Films about drug cartels come with certain expectations, mainly about bad things. From Scarface (1982) to Traffic (2000) to Sicario (2015), drug cartels have a cinematic reputation (as well as a real world one) for brutality and viciousness. Brad Furman’s The Infiltrator continues this trend, but with the violence kept as a simmering expectation rather than foregrounded. Instead, and wisely, the film emphasises the strain upon identity and sympathies in this based-on-fact story, in which US Customs agent Robert Mazar (Bryan Cranston) goes undercover as a money launderer and forms multiple connections with senior figures in the cartel of Pablo Escobar. Playing like a combination of Donnie Brasco (1996) and Miami Vice (2006), The Infiltrator is stylishly shot, including two bravura long takes that track Mazar through complex locations, and conveys an effective sense both of the late 1980s and the intricate interconnections of drug suppliers and law enforcement. The film’s master stroke, however, is the incorporation of global finance into its narrative, with Mazar meeting with Panamanian bankers and having to negotiate with the US Federal banking system as part of his operation. This aspect links the film to other economically inflected films, such as The International (2009), Jack Ryan: Shadow Recruit (2014) as well as 99 Homes (2014) and The Big Short (2015). The Infiltrator‘s blending of contemporary concerns over global finance with the generic elements of an undercover thriller indicate Hollywood’s continued and fascinating engagement in this cultural discourse.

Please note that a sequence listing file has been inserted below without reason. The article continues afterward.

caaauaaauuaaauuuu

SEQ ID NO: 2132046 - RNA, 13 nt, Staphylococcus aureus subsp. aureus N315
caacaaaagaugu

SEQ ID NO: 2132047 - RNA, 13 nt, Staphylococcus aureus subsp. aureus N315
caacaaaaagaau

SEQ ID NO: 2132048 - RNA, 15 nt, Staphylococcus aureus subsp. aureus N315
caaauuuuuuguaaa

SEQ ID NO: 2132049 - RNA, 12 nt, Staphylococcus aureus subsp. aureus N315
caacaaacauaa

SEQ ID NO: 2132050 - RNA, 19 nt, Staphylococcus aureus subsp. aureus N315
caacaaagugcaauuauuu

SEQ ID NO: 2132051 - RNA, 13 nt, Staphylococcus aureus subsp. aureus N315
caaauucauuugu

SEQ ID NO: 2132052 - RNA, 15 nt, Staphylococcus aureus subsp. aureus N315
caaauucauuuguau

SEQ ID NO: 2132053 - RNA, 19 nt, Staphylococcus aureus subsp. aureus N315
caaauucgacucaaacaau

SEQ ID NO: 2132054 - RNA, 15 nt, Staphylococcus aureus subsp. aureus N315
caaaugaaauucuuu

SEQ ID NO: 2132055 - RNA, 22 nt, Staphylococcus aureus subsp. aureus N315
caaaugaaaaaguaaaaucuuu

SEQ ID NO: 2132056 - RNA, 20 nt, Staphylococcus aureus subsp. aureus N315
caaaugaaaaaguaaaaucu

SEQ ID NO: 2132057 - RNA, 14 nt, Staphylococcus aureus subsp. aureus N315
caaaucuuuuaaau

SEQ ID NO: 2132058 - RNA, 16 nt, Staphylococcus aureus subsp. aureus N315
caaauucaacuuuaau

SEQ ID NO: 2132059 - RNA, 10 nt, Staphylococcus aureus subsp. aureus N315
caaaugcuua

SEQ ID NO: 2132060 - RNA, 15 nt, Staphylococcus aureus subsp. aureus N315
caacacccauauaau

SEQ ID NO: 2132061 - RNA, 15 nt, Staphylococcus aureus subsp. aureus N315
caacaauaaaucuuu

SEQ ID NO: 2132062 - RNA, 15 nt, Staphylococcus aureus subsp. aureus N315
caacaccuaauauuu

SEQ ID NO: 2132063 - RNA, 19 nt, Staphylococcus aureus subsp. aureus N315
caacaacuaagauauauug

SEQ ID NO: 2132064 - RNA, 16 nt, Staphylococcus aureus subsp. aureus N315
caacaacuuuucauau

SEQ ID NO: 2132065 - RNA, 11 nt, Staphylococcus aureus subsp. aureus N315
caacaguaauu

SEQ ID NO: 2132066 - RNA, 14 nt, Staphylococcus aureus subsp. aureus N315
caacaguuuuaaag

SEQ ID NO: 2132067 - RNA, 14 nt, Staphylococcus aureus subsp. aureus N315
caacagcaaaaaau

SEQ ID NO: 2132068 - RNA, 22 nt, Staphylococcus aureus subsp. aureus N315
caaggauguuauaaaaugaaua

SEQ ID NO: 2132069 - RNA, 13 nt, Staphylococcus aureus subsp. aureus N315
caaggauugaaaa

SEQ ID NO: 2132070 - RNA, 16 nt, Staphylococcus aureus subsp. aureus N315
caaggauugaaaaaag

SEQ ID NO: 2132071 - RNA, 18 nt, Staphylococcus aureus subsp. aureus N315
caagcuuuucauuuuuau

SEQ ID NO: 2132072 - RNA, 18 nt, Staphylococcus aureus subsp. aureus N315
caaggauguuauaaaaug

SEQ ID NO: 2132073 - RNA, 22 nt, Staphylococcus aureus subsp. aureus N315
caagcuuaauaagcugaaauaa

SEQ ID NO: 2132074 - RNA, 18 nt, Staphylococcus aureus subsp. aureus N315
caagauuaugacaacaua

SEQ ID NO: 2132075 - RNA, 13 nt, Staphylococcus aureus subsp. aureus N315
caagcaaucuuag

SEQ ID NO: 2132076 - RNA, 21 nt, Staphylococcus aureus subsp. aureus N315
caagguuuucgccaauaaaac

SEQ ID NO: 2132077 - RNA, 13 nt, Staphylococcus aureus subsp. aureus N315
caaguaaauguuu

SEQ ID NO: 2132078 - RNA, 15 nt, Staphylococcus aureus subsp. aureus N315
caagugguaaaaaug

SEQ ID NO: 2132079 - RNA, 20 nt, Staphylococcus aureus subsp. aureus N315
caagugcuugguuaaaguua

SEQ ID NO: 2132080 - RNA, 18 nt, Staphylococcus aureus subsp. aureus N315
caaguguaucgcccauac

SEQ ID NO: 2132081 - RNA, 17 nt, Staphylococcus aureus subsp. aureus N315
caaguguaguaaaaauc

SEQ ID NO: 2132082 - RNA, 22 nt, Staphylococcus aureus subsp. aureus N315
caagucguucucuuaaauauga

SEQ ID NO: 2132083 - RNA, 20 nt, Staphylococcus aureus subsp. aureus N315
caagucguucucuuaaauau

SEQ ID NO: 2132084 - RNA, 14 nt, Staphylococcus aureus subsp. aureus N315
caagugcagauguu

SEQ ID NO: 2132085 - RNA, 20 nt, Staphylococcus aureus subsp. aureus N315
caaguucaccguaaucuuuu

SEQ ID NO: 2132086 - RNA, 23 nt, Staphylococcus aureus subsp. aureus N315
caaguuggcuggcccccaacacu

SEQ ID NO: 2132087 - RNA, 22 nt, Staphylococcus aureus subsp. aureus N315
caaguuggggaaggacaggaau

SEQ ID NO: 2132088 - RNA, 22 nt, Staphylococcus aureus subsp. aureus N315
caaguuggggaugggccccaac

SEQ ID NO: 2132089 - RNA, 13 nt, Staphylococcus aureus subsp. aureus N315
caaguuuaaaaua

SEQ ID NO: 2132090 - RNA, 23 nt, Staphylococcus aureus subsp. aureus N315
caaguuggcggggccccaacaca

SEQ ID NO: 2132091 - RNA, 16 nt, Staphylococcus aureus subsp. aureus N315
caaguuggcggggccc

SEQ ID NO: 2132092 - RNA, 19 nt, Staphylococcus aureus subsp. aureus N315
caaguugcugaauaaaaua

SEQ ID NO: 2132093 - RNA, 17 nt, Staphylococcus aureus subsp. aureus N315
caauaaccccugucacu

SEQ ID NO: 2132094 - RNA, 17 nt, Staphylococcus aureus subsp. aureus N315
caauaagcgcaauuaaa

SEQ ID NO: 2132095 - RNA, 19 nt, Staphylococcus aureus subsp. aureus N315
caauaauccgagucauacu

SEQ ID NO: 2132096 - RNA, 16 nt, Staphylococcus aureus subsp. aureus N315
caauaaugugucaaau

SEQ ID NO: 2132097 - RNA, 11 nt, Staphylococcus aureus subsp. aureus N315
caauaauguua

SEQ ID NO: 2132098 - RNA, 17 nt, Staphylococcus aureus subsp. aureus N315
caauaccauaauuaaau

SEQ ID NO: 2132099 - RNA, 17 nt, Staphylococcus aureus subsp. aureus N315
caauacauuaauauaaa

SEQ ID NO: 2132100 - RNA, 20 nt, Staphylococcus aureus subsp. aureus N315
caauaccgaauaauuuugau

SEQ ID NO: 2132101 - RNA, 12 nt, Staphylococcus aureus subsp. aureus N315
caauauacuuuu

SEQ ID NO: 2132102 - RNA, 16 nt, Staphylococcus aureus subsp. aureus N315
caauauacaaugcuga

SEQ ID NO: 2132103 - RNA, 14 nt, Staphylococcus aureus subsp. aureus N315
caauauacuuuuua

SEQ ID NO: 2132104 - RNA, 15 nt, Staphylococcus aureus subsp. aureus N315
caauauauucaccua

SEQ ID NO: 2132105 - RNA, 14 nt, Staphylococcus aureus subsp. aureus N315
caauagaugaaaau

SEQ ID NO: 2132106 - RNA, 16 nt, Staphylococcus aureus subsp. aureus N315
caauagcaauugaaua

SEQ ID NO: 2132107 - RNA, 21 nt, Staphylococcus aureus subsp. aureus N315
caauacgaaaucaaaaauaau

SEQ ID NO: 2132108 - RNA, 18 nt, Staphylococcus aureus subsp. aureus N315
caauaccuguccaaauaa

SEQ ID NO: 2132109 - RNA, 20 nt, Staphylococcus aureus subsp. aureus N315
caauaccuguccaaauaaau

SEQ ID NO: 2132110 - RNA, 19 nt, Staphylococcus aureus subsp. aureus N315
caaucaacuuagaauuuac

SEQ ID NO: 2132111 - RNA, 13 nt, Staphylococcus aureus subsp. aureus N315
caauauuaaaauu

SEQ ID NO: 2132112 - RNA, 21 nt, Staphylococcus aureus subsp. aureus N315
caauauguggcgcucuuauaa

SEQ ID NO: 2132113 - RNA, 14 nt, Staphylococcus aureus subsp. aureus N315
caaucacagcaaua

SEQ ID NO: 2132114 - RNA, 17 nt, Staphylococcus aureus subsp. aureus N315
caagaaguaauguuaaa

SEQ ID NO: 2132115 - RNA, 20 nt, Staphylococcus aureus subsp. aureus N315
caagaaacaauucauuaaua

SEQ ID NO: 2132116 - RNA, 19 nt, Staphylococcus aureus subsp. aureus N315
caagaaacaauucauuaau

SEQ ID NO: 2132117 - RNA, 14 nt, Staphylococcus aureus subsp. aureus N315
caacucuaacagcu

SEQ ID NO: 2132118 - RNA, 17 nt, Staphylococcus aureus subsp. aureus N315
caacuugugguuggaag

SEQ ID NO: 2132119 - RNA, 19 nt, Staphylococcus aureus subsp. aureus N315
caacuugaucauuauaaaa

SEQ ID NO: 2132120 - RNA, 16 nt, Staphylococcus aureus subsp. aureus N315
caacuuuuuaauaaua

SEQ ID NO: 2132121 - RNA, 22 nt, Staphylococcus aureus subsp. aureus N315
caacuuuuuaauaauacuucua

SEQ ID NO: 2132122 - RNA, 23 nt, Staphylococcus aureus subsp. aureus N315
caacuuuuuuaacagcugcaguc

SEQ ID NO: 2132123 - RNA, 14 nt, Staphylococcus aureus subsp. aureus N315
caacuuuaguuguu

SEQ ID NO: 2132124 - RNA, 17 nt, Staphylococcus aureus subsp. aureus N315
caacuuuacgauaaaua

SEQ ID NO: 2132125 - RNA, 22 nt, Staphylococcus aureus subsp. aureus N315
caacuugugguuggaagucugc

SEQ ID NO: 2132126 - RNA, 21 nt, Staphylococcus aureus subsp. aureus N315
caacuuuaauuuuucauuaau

Sicario is a film about liminality, that which exists in a phase between states. The film’s liminal features includes the geographical borderlands between Mexico and the United States, the people who are somewhere between police and military, and a practice of law enforcement that is at best legally dubious. FBI agent Kate Macer (Emily Blunt) joins a special task force headed by government agent Matt Graver (Josh Brolin), only to become increasingly disturbed by the missions of Graver as well as the mysterious Alejandro (Benicio Del Toro). The viewer’s discomfort also increases, as director Denis Villeneuve creates some incredibly tense set pieces that often erupt into shocking violence, all delivered unflinchingly so that we feel the impact of bullets and the smack of wet blood. Much of the film’s power can be credited to director of photography Roger Deakins, who previously worked with Villeneuve on Prisoners. The desert landscapes are rendered in exquisite detail that is both beautiful and terrible, both at ground level and in remarkable aerial shots that serve a narrative purpose of showing us drone footage used by the task force, and a stylistic purpose for showing the bleak pitiless of the landscape. A night raid begins with the team descending from a gorgeous sunset into an inky blackness, all within a single, static shot. Multiple camera types convey this sequence, including infra red and night vision as well as normal digital photography, and yet this extra visual detail adds to the confusion and sense of other-worldliness. Similarly, Jóhann Jóhannsson’s score is menacing and invasive to the point of being oppressive, as the film moves into ever more murky territory. Sicario does not succumb to genre clichés as Prisoners did, debut screenwriter Taylor Sheridan instead maintaining the story’s conceit of liminality as well as its grim tone, as the placement of Alejandro and Macer’s position towards the events she witnesses and participates in remain ambiguous. Whereas crime thrillers of this sort often feature some measure of hope or at least catharsis, here the viewer is left with a sense of hopelessness and helplessness, a disturbing glimpse into a harrowing world where cynicism and violence are the only way of life.